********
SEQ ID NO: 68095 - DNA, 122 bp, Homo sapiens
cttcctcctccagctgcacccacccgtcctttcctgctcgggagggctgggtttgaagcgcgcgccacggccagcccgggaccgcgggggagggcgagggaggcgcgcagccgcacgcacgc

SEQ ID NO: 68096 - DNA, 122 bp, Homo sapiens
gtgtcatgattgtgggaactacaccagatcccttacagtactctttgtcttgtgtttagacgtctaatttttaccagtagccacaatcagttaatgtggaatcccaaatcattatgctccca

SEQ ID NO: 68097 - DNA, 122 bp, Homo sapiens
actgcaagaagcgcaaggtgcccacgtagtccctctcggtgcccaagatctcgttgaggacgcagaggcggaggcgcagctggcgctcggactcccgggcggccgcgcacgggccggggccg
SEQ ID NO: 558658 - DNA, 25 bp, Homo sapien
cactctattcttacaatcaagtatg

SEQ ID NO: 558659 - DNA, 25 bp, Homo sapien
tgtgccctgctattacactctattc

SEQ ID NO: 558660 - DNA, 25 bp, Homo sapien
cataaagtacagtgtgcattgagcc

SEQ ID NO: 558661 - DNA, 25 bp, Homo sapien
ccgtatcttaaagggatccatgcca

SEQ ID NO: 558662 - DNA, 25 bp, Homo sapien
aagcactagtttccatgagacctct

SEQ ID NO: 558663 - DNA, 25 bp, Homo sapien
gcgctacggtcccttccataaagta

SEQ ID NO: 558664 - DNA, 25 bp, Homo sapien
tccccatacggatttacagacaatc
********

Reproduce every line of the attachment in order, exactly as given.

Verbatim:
SEQ ID NO: 68095 - DNA, 122 bp, Homo sapiens
cttcctcctccagctgcacccacccgtcctttcctgctcgggagggctgggtttgaagcgcgcgccacggccagcccgggaccgcgggggagggcgagggaggcgcgcagccgcacgcacgc

SEQ ID NO: 68096 - DNA, 122 bp, Homo sapiens
gtgtcatgattgtgggaactacaccagatcccttacagtactctttgtcttgtgtttagacgtctaatttttaccagtagccacaatcagttaatgtggaatcccaaatcattatgctccca

SEQ ID NO: 68097 - DNA, 122 bp, Homo sapiens
actgcaagaagcgcaaggtgcccacgtagtccctctcggtgcccaagatctcgttgaggacgcagaggcggaggcgcagctggcgctcggactcccgggcggccgcgcacgggccggggccg
SEQ ID NO: 558658 - DNA, 25 bp, Homo sapien
cactctattcttacaatcaagtatg

SEQ ID NO: 558659 - DNA, 25 bp, Homo sapien
tgtgccctgctattacactctattc

SEQ ID NO: 558660 - DNA, 25 bp, Homo sapien
cataaagtacagtgtgcattgagcc

SEQ ID NO: 558661 - DNA, 25 bp, Homo sapien
ccgtatcttaaagggatccatgcca

SEQ ID NO: 558662 - DNA, 25 bp, Homo sapien
aagcactagtttccatgagacctct

SEQ ID NO: 558663 - DNA, 25 bp, Homo sapien
gcgctacggtcccttccataaagta

SEQ ID NO: 558664 - DNA, 25 bp, Homo sapien
tccccatacggatttacagacaatc